and the speed and expediency with which the cou
Gr
The preferred form of my invention is illus
trated in the accompanying drawings in which
Figure 1 shows a side elevation of a complete
cable laying out?t including a tractor, a reel ,car
rier and a cable laying machine forming the spa;
cial subject matter of my invention,
Figure 2 a top plan view of my machine,
ceeds.
‘
40
tached without departing from the spirit of the 45
invention. Particularly it should be understood
that while I have described my machine princi
pally as a cable laying machine it may be used
for laying pipes, tubes, drain tile, wire and any
other material of similar characteristics, as well 50
as in farming operations in which it is desirable
to cut deep crevices or furrows for. cultivating,
irrigating, draining, planting, fertilizing and other
purposes, and all of these objects are to be con—
sidered the equivalents of the expression cable 55
wherever used in this speci?cation.
The preferred arrangement is shown in Figure
1 from which it appears that a complete cable
laying out?t usually consists of or includes a
tractor l, a reel carrier 2 and the cable laying 60
a,11a,sss
machine I. It is apparent that any other draft
means may be substituted for the tractor and
that additional power may be obtained by add
ing further tractors which may be secured to
the tractor shown by means of the hook 4. The
reel carrier is attached to the tractor by the con
ventional coupling I and has the reel 4 mounted
correspond to the tread of the preceding ve
hicles for facilitating the travel of the wheels.
The rack rod is locked in adjusted position by the set screw 45'.
'
For tilting each wheel I provide two brackets
44 and 41, one rising from the block 32 and the
other from the spindle 42 and each of these
thereon from which the cable ‘I is fed to the , brackets has a trunnion block 48 and 49 to
It is connected to the
threadedly receive the screw 50 which has a left
cable laying machine I.
10 cable laying machine by means of the universal
coupling 9 including a horizontal pivot ll, a
vertical pivot II and the pin l2 projecting fro
the latter pivot.
'15
~
The cable laying machine comprises in its prin
cipal features a frame II, wheels I4 with their
adjusting mechanism, a coupling and alining
device II, a cleaver l6 and its supporting post
i1 and operating mechanism for the same, the
back ?liers II and the tamper I! with their
operating mechanisms.
The frame It comprises in its principal fea
tures two longitudinal beams 20 arranged in
spaced relation and connected in front by the
casting 2| (see Figure 8) which has ?anges 22
straddling the beams and webs 23 lying against
the inner faces of the beams and being secured
thereto by means of bolts 24. The two beams
are preferably made hollow and rectangular in
cross-section and their rear ends are held in
?xed and spaced relation by a bolt 24’ and by
being bolted to a cross-member 25 as shown at 26.
In addition to these two beams, which may be
referred to as the inner beams, I provide two
outer beams 21 which are rigidly secured to‘the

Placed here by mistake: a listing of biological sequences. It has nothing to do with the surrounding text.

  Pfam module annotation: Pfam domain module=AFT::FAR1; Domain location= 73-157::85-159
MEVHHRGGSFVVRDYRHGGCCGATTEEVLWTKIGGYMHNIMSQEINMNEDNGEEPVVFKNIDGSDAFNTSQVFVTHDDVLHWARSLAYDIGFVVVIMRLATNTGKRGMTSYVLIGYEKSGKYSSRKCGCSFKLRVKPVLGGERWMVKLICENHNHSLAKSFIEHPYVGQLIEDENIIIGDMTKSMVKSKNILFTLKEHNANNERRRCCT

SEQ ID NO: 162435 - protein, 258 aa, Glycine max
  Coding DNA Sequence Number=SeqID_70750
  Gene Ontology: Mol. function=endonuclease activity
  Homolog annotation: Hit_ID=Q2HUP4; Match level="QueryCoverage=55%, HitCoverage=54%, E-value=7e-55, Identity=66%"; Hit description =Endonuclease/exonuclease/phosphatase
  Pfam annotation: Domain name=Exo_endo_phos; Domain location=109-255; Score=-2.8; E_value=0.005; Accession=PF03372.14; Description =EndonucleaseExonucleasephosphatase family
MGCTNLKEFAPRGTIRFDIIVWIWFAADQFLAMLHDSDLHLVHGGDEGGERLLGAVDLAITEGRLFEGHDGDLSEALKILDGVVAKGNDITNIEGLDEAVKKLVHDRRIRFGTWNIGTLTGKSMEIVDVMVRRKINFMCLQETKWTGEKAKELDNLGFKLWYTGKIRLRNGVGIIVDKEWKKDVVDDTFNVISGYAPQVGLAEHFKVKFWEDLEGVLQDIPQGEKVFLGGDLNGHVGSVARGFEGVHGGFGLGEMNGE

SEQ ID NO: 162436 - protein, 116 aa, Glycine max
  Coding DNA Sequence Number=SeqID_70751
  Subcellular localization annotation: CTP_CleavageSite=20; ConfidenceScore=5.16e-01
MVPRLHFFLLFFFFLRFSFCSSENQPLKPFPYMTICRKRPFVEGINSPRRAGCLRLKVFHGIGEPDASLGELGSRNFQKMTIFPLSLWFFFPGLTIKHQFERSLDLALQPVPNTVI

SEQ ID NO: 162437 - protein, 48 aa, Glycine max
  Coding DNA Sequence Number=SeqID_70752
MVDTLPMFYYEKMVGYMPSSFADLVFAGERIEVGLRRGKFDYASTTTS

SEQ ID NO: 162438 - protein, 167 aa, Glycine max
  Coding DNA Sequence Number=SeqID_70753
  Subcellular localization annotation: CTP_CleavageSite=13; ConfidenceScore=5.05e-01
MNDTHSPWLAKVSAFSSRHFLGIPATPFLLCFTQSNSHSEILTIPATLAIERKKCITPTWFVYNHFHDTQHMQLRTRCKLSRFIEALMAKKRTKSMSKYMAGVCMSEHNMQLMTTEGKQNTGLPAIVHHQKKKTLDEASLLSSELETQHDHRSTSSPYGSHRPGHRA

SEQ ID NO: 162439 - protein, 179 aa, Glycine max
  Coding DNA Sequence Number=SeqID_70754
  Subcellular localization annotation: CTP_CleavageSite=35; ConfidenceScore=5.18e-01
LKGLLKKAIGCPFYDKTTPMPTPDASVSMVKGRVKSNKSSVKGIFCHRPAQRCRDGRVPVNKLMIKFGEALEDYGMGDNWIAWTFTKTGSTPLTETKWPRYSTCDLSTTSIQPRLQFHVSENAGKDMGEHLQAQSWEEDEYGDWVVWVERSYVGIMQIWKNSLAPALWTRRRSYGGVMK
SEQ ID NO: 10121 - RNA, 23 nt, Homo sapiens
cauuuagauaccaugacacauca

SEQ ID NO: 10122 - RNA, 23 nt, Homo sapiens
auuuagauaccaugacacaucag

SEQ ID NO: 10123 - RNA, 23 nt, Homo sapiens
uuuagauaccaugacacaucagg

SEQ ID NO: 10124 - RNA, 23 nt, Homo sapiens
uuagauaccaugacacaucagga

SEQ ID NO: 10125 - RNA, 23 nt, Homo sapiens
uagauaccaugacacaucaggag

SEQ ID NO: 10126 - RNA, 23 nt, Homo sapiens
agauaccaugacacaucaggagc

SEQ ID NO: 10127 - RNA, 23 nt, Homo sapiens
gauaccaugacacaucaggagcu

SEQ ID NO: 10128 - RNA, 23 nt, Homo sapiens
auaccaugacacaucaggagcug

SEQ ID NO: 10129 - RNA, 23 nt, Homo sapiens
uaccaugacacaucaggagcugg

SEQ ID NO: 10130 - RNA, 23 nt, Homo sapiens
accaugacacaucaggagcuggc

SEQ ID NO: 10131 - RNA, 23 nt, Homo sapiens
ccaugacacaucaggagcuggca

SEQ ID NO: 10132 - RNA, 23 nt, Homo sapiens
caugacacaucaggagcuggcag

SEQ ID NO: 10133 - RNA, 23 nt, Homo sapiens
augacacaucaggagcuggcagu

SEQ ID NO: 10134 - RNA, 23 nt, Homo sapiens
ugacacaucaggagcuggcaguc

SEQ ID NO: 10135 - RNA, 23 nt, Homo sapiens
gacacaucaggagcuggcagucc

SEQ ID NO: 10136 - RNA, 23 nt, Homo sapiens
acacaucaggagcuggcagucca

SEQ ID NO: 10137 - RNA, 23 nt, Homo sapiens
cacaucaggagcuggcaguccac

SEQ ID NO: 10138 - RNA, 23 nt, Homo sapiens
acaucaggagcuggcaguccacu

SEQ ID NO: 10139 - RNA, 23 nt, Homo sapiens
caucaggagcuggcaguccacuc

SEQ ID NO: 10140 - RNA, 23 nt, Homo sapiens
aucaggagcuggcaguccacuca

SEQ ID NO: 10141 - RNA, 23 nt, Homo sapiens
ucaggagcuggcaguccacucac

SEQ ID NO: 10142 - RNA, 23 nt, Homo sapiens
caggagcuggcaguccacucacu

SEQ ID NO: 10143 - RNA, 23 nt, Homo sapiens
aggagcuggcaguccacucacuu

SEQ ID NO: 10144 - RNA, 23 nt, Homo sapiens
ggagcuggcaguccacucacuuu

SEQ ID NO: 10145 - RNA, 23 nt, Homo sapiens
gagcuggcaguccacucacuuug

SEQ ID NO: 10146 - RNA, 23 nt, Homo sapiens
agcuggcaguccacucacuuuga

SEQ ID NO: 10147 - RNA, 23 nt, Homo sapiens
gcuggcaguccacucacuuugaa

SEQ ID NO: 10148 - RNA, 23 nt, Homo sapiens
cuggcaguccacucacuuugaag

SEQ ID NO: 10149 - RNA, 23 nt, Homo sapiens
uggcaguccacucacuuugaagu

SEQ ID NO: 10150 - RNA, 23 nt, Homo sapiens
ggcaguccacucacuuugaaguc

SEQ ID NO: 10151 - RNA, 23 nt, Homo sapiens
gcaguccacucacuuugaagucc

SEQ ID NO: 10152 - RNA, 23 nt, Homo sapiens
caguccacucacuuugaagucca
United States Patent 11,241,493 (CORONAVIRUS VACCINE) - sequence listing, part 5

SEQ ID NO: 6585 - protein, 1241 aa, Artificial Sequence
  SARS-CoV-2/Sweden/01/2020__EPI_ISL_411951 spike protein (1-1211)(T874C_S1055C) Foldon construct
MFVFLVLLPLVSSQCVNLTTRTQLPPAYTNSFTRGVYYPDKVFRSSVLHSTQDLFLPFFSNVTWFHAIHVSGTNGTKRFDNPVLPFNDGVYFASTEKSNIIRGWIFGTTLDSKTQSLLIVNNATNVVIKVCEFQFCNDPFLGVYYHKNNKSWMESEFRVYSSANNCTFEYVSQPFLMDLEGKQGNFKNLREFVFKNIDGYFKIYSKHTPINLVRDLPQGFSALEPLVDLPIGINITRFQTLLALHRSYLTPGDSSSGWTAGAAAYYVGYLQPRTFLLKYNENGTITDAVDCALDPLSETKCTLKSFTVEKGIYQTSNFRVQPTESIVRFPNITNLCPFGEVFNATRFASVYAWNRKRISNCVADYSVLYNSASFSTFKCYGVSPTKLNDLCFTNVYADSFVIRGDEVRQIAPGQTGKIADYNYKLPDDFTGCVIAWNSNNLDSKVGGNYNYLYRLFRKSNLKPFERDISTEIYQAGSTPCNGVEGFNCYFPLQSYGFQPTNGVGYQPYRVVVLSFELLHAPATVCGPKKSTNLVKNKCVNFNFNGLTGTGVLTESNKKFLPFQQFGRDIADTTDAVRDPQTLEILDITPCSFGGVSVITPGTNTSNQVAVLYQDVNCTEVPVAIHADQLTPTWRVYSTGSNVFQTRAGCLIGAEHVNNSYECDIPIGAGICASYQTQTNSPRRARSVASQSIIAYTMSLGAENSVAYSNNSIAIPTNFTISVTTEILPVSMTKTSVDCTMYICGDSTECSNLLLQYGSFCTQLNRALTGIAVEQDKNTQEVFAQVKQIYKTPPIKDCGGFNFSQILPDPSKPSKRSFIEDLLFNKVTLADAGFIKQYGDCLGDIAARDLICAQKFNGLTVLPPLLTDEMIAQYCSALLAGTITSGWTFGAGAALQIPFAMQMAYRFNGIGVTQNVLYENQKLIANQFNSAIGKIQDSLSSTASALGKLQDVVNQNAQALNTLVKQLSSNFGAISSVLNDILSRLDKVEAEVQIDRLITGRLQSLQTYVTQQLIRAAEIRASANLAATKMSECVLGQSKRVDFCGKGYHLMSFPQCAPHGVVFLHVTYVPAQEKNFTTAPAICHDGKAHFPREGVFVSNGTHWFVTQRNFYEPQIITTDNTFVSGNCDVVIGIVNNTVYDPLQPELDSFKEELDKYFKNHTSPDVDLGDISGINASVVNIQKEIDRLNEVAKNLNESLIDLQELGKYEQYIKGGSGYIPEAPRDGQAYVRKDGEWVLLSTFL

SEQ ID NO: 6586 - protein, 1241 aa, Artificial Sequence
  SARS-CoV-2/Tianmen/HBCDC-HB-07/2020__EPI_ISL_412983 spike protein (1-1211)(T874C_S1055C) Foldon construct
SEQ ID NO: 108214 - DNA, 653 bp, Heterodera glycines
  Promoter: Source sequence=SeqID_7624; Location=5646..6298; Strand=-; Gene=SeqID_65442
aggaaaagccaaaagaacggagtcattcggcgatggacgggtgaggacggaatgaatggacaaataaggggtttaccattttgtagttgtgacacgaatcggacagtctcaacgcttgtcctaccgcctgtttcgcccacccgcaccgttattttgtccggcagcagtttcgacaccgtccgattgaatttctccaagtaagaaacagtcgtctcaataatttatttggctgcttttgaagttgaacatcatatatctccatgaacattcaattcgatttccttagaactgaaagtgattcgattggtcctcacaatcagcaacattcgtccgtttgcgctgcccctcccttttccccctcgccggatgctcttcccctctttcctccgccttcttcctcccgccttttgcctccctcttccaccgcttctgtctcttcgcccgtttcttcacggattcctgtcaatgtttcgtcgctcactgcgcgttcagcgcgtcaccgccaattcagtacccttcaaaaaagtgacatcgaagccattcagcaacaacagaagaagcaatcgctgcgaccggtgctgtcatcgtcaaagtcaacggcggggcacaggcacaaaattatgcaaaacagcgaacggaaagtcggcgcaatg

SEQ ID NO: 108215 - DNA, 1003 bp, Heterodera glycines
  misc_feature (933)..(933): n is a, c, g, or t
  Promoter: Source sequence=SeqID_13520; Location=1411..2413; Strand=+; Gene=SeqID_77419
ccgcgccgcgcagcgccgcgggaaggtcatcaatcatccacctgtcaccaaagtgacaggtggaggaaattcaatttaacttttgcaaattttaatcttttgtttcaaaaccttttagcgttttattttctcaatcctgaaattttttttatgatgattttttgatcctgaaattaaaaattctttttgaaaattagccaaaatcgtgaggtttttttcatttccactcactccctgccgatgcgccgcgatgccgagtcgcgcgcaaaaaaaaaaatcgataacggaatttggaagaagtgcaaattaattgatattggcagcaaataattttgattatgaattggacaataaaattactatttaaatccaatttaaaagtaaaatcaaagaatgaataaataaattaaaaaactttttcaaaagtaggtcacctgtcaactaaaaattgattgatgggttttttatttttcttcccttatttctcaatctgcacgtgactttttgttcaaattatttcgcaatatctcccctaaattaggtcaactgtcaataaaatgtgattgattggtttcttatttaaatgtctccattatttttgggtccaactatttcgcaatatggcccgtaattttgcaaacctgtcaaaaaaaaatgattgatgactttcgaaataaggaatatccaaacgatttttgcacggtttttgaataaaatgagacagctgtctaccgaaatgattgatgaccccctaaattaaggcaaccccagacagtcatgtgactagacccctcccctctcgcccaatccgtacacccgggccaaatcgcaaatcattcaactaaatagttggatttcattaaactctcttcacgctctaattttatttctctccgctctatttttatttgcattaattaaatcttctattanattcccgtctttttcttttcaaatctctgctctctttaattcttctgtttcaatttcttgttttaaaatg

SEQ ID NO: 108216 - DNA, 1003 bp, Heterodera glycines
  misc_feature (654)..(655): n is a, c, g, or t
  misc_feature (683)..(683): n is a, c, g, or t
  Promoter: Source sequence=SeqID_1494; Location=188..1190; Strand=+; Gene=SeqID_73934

inner beams at 24 as by welding and the rear
ends of which are bolted to the cross-member 25
as at 29. The outer beams run parallel to the
inner beams through the major portion thereof,
and are bent in their front portions as at 30 to
40 join the inner beams. The latter are tapered
in their front portions as shown at 3|.
The wheels l4 support this frame with freedom
of adjustment in three different ways, longitu
dinally, laterally and angularly. Instead of
wheels, sleds may be used or traclrlayer tracks,
articulated wheel frames and the like, all of
which are intended to be covered by the ex
pression wheels wherever used.
'
hand thread at one end and a right hand thread 10
at the other end and an angular head in the
center by means of which it may be operated.
When the screw is turned in one direction the
wheel will be made to tilt outward with its upper
portion as indicated in Figure 4 and if the screw 15
is turned in the opposite direction the wheel will
move through rectangular position to an oppo
site angularity.
Thus each wheel may be independently ad
justed longitudinally by operation of the hand 20
wheel 39, laterally by operation of the pinion
shaft 45 and angularly by operation of the
screw 54.
The cleaver II with its supporting post I‘!
occupies the central position of the frame. The 25
cleaver is illustrated in detail in Figures 5 and 6
and its general characteristics are that it is a
narrow vertical body tapering to an inclined cut
ting edge in front and provided with a horizontal
cutting edge at the bottom. It is made in two 30
sections BI and 52, the former section being a
box-like structure with approximately parallel
side walls 53 converging toward the front as
at 54, an inclined rear wall 55, a bottom wear
plate 55' and a front wall which is vertical in 35
its upper portion and inclined in its lower portion
as at I‘ to form a seat for the blade 51 which is
bolted thereto by the bolt SI. The blade is pro
vided with a plurality of bolt holes so that it may
be advanced as the cutting edge wears off. The 40
inclined portion 56 is continued through the body
to the rear wall 55 to brace the cleaver and to
form a bearing for the feed pipe 59 which extends
obliquely - through the cleaver and terminates
with a ?ared end at the bottom of the rear wall 45
of the cleaver. The front wall of the section 51
has an undercut 6. over the wall 56 to receive
the rear end of the blade 51.
For receiving the axles of the wheels I pro
The section I2 forms the front of the cleaver.
vide two bearing blocks 32 which are slidably It has an inclined front edge formed with a 50
mounted on the outer and inner beams on each ' groove adapted to receive the root-cutter blade